Working From HomeHelen very kindly asked me to guest post on her blog about how I cope running my business (Hoobynoo World) from home with two young children.

Like most things, it’s a challenge: but I’m lucky in that I have a good support network. If you are thinking of starting a business, particularly one that will be based in your home, then a major factor you need to consider is what help is available to you to for childcare when you really need to get on with your work.

I am by no means an expert on the subject, but these tips are based on how I personally cope with the challenge. So here is a little bit of background information about me and my family: I am married and I have two children, a boy who is 5 (and now at school) and a little girl who is 17 months old. I started running Hoobynoo World just before she was born, so the first few months were definitely a juggling act. Before this, I was a freelance Graphic and Web Designer, which is what I was doing when my son was small.

Tip 1: Enlist Help

I am very fortunate that my husband also works from home, so we split the childcare between us. That way, each of us gets a turn to work. We have also arranged for my little girl to spend one day each week with my Mother-in-Law.

Perhaps if you know other working mums you could have a childcare circle, taking it in turns to look after each other’s children so you all get a chance to work. Call on in-laws, parents, god parents, anyone who is likely to offer reliable and trusted help. My husband always hated asking our friends and family to help out with childcare, but – as I said to him – they enjoy spending time with the children, so don’t feel you are being a burden. School holidays can be very tricky, so being organised and arranging play dates and holiday clubs is essential.

Tip 2: Be Organised

Organise your days efficiently, and make the most of the time that is available to you. My daughter still sleeps for an hour or two each day. So, whilst she is asleep, I will pack my orders and get some updating work done. When she wakes up, it is usually time for lunch. To this end, I will sit with her at the table and either finish off some bits on the laptop or reply to emails on my phone whilst she is eating (she does take a very long time to eat her lunch so this may not work for everyone!).

On days when I have childcare arranged, I map out my working day very specifically to make a list of realistic tasks that I can complete: my full ‘To Do’ list would be as long as my arm, but if I wrote out all of these tasks I would feel overwhelmed and frustrated, and would end up getting nothing done. Therefore, I have a long list of things that will need to be done – say by the end of the month – and then a day list with 3-6 manageable things on it (depending on how long each will take). I then break my day up so that I have 30 minutes to reply to emails and around an hour to list new products. I also have a timer on my computer so that I can see how many ’work minutes’ I have remaining. When the timer runs down, a big ‘STOP’ sign appears on my screen! This helps me to manage my time effectively.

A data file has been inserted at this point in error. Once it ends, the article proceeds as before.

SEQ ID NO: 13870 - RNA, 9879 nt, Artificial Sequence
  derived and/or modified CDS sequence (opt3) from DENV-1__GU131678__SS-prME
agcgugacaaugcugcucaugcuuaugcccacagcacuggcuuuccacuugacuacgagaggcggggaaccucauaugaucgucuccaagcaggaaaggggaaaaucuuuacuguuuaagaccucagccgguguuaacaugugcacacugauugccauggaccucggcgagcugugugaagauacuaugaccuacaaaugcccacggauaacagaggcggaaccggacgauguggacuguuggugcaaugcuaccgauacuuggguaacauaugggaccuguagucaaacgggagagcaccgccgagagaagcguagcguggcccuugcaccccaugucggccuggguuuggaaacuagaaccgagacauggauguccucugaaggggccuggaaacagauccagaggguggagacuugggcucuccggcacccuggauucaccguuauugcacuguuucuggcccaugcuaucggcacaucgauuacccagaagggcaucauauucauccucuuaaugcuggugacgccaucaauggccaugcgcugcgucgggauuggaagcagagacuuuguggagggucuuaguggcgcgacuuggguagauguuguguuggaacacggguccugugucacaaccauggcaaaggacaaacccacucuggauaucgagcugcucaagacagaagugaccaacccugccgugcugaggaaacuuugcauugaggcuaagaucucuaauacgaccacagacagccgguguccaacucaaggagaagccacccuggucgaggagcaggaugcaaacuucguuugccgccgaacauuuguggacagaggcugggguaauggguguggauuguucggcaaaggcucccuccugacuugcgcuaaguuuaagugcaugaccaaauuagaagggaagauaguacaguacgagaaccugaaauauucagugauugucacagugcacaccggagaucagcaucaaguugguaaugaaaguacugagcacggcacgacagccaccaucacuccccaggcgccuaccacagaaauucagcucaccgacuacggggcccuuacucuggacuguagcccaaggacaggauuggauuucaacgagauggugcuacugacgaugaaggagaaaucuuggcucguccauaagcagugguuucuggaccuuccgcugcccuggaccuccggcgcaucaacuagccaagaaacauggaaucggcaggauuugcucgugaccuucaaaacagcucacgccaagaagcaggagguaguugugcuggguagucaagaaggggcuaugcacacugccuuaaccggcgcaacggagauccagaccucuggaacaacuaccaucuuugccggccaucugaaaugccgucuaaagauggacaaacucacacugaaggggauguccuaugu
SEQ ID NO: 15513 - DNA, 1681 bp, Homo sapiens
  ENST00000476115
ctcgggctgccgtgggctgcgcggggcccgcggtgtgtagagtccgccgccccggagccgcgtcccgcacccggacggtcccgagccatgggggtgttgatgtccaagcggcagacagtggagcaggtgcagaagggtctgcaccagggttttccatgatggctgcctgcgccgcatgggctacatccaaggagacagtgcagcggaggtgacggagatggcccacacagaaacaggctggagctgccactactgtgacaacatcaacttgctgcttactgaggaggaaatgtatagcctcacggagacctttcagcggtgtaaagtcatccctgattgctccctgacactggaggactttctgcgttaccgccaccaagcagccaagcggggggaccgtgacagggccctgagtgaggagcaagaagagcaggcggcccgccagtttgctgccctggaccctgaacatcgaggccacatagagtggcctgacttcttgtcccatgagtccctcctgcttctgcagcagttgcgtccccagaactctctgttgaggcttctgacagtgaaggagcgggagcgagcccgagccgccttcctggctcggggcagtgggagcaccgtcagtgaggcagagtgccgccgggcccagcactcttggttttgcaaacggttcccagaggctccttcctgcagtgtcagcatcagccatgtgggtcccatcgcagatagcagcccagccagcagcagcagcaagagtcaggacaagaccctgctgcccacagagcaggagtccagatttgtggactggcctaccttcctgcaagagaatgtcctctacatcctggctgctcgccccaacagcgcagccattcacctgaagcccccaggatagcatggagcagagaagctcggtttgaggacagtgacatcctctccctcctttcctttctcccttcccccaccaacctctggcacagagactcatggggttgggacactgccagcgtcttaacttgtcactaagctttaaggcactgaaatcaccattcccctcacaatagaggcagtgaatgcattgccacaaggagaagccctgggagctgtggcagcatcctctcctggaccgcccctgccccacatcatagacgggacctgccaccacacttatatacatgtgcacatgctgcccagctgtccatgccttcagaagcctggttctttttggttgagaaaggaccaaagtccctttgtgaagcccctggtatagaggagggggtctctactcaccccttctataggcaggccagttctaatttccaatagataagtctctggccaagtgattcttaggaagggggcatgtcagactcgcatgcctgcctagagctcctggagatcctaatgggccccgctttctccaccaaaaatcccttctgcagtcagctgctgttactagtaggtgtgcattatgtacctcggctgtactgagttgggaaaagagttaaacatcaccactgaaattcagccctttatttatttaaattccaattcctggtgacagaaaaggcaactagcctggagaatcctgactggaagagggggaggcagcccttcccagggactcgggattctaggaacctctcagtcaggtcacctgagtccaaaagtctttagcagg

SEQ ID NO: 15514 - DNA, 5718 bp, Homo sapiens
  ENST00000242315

Tip 3: Don’t Feel Guilty

I suspect that all parents feel guilt: it comes with the job. Are we spending enough time with the children? Are we spending the time equally on them if we have more than one? Are we too distracted? Have we helped them enough with their homework? The list goes on. I suffer from this too: as I can pretty much run my business from my phone, it can be practically impossible to switch off. So I make sure that I take my little girl to at least one play group each week (my husband takes her to other groups when it’s his turn). I switch my phone off and focus on her for that time. I also give myself one other day off in the week: some of that time is for chores (shopping, etc), but I try to make it fun for her and the rest of that day we will spend together, either at a softplay centre or at home.

My son is quite independent, and likes to do his own thing when he gets home, but again I make sure I take him to one after school club a week, and that I put him to bed and read him stories on days when I haven’t had the chance to do much with him. At the weekends we do fun things together as a family: my son is allowed to stay up a little later, so we can watch a film together and enjoy some fun, quality time. I do feel the guilt, but I try not to let it get to me: I think that I am setting my children a good example by running my own business, and my son always likes to suggest new characters and takes a great interest in the way I do things. He’s always happy to help me model the products and I love how enthusiastic he is.

It also means that although I am sometimes distracted or working, at least I am at home and around if needed. I am also able to attend functions at his school that I missed when I was out working part-time.

Tip 4: Stay SANE

This is the most important step! If you burn out, you are no good to anyone. Make sure that you put aside time for yourself, whether that is sitting down with a book and a cuppa for half an hour, having a soak in a bubble or even going for a run. I quite often have to carry on with my work once the children are in bed, but I make sure that this is not every night and that my hubby and I  do get some downtime watching TV or having friends round for dinner. I am slowly going to reclaim my evenings, as I think it is important to switch off from your work: when you’re running a business from home that is so much harder as everything is right there at your fingertips. So, if I am spending quality time with my family, the phone goes off and the laptop is shut down. As much as I love what I do, it is a relief to close everything down for the day.